Resume Follow-Up Tips: Advice from Recruiters

Resume Builder _recruiter Advice

This week, LiveCareer reached out to our network of recruiters and asked them to provide advice to job seekers regarding the resume process. When candidates contact—or are contacted by—a recruiter, how should they make an effort to reach out, and how should they stay in touch? What can they do to follow-up appropriately and demonstrate interest in a job without going too far? Here are some of the answers we received.  

Recruiter Tip #1:

“Job seekers should remember one important detail about recruiters: recruiters work for their employer clients. They don’t work for job seekers. This means that no reputable recruiter will ask a job seeker for money. But it also means that your recruiter is not at your beck and call. It’s her goal to please the employers who have a position to staff, not the candidate who wants that position. So don’t make demands on her time, and don’t try to set the terms of your interaction. She can be a powerful ally, but you’ll need to stay on her good side.”

Recruiter Tip #2:

“Call once a week to follow-up. If a recruiter contacts you with an available position, express interest. Then send her a resume if she asks for one. Pick up the phone immediately if she calls you for more detail. Then follow up—but only once a week. If the job is right for you, she’ll let you know.”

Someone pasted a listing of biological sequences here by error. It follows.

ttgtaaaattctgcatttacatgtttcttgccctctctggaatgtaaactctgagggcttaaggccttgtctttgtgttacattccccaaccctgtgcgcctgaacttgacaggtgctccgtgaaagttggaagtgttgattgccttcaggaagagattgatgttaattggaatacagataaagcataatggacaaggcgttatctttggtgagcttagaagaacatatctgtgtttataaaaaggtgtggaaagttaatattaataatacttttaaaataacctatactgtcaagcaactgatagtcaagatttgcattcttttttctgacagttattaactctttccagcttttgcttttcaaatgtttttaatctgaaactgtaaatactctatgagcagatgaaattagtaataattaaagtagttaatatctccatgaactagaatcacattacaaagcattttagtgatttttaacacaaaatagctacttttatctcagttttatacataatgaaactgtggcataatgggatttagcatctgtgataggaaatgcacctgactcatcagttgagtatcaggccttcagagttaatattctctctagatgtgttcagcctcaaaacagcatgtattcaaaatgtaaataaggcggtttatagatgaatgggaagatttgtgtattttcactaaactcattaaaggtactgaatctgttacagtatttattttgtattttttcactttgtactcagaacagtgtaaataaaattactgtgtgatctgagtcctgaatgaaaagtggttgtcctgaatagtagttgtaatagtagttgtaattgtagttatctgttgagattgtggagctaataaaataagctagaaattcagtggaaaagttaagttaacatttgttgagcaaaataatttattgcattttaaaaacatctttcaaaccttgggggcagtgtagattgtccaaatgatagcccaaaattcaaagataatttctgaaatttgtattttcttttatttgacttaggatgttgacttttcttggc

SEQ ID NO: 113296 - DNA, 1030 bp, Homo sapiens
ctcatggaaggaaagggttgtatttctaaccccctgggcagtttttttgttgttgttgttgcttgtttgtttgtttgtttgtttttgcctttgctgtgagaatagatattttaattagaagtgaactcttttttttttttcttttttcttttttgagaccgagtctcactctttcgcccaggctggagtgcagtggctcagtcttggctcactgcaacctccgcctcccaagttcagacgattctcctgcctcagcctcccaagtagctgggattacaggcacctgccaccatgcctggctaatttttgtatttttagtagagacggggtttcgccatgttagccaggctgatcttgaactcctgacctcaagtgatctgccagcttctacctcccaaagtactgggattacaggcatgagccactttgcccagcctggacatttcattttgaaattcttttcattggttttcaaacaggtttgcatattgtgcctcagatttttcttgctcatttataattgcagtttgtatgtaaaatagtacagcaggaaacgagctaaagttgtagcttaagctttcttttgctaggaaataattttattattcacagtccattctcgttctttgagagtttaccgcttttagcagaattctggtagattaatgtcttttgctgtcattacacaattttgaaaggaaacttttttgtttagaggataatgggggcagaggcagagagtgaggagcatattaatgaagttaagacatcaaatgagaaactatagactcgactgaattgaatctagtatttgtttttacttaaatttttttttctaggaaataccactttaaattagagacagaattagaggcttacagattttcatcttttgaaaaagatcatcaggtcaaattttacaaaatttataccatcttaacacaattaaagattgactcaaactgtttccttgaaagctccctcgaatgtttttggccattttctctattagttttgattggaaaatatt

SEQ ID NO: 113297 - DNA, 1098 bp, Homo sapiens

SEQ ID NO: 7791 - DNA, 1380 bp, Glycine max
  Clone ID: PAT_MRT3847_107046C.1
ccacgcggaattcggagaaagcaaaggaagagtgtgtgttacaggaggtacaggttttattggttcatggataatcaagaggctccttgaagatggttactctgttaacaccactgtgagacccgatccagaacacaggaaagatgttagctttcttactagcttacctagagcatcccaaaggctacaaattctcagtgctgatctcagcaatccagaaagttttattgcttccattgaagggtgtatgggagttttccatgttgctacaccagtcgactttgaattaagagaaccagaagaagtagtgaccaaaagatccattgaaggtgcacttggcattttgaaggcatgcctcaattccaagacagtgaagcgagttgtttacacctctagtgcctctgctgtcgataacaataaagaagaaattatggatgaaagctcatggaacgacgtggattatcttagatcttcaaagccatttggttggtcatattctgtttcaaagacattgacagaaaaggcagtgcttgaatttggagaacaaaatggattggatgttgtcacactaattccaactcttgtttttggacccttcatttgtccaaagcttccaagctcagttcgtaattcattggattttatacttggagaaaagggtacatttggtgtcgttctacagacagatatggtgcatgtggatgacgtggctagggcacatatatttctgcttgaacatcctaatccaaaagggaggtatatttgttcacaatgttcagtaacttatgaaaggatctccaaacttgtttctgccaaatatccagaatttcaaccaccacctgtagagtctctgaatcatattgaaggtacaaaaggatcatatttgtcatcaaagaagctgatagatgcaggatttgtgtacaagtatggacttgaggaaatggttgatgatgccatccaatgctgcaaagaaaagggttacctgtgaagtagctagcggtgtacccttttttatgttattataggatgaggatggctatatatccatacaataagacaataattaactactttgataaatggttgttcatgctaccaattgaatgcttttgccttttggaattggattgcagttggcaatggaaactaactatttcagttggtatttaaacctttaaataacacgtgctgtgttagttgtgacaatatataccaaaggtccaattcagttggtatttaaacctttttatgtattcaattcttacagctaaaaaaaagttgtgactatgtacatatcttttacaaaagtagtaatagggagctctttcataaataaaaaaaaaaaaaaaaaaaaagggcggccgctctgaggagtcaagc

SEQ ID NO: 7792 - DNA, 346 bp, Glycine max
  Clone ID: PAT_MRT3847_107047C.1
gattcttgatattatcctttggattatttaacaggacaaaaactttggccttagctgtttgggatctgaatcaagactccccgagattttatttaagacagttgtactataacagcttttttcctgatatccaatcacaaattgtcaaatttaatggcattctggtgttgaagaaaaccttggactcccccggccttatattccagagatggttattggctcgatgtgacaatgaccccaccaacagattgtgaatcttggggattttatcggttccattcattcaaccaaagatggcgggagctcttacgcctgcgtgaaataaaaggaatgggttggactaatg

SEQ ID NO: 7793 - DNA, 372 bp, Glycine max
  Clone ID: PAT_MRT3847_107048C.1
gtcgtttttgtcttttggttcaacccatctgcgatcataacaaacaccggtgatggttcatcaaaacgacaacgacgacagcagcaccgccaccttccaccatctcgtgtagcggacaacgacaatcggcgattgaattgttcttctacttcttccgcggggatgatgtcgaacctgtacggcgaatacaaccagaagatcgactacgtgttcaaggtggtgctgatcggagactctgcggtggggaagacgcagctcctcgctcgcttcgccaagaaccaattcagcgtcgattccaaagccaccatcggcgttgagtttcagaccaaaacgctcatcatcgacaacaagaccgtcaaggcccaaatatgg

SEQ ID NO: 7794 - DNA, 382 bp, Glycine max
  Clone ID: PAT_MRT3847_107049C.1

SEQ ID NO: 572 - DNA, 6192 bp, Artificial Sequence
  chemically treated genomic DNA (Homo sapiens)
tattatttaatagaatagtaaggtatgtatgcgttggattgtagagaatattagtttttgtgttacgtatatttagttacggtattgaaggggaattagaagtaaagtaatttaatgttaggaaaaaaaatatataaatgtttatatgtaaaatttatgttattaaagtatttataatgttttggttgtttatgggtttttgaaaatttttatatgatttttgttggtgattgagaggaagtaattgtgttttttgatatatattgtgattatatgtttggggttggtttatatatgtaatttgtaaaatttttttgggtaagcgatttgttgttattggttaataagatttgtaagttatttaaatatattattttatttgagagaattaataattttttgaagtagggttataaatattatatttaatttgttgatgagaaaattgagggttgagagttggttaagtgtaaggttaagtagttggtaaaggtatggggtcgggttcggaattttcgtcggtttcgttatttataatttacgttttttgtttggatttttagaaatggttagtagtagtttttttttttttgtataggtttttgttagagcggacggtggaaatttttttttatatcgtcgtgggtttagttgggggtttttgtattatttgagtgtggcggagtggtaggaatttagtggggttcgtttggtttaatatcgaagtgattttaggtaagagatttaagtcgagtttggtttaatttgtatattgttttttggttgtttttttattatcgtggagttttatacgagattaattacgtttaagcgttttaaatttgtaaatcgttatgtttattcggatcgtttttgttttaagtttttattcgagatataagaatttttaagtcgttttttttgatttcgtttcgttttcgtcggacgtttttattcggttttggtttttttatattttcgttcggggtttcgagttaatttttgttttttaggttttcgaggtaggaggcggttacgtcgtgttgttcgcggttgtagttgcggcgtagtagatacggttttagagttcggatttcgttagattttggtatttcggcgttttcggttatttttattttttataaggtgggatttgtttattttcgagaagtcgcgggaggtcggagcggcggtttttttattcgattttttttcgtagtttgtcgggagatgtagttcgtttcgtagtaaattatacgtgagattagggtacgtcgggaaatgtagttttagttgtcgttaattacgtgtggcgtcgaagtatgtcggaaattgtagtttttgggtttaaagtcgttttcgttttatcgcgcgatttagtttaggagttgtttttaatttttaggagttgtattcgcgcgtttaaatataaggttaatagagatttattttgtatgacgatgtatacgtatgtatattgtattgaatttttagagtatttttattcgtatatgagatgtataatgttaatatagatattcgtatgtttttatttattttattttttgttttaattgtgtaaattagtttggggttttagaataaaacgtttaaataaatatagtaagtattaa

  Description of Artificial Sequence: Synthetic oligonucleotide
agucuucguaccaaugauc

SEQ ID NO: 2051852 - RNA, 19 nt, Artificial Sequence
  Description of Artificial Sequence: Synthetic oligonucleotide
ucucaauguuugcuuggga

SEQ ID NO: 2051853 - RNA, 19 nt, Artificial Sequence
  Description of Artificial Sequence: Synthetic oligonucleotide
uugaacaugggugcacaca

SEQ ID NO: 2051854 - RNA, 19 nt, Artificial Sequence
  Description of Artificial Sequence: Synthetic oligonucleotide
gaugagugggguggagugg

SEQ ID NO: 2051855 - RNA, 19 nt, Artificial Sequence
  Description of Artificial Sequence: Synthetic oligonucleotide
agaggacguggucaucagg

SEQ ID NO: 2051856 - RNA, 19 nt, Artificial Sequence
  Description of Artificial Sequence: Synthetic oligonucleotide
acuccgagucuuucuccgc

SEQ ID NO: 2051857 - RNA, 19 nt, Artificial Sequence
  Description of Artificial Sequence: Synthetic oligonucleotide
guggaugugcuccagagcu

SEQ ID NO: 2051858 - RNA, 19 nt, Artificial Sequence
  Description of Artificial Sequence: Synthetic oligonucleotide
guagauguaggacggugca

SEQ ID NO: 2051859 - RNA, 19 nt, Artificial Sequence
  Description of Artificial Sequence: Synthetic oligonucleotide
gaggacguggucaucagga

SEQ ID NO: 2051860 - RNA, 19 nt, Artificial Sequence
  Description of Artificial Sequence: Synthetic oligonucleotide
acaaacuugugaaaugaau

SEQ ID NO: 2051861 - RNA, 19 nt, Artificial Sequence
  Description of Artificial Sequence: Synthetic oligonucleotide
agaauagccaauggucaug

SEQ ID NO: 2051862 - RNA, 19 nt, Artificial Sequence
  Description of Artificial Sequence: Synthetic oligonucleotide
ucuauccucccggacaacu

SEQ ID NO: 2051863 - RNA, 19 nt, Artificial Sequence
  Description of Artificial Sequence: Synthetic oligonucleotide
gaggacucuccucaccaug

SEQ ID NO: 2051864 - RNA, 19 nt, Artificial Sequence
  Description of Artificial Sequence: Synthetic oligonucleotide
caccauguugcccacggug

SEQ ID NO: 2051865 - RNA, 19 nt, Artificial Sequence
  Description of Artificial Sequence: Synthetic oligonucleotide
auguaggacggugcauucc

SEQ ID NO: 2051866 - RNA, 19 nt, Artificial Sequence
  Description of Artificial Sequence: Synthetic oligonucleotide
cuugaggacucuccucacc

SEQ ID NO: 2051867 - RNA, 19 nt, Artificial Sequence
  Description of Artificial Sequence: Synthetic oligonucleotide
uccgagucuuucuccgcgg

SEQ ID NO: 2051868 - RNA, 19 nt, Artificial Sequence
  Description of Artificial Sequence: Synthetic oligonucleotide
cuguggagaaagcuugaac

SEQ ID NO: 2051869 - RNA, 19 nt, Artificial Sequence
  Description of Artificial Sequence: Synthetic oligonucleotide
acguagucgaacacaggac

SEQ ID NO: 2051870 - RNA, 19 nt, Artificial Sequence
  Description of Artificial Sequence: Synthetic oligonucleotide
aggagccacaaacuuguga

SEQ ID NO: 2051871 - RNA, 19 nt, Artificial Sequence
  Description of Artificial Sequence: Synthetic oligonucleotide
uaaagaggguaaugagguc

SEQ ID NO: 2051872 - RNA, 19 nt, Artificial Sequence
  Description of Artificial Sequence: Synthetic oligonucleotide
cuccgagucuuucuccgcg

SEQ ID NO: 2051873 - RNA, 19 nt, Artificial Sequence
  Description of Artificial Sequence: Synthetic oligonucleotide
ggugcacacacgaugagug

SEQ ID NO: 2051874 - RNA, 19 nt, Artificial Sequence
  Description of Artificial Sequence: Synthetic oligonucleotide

Recruiter Tip #3:

“Your recruiter wants you to shine as badly as you do. So take her advice. If she tells you that you’ll need to make some adjustments to your persona or your pitch in order to impress a specific client, think about how badly you want the job. If your interest level is high, do as she suggests.”

Recruiter Tip #4:

“You may be dealing with a third party, not the actual employer for the job, but that’s no reason to let your guard down. For example, don’t focus entirely on money. If you only seem interested in how much these employers can offer, and you don’t emphasize what you have to contribute, you won’t impress the recruiter, the employer, or anyone else.”

Recruiter Tip #5:

“Use keywords in your resume. By that I mean, read the post carefully and use the same phrasing that the employers use in their list of required qualifications. Recruiters may type these phrases into a keyword search in order to pull resumes out of a vast database, and if you use these words and phrases, you’ll increase your odds of appearing in the results.” 

Recruiter Tip #6:

“Get recruiter attention by including three words in both your resume and your online profile (on sites like LinkedIn): your preferred job title, your industry, and your geographic area. Sometimes recruiters don’t actually read profiles carefully—they just send a specific opportunity to every single resume that contains these three words.”

Your Resume Can Open Doors….

…But only if it’s seen by the right people. Stay on good terms with your recruiters and show them the same respect you hope to receive in return. Meanwhile, don’t submit your resume to anyone—recruiter, employer, or professional contact—until it’s polished and complete. Visit LiveCareer for tips and formatting resources that can get you to this stage.  

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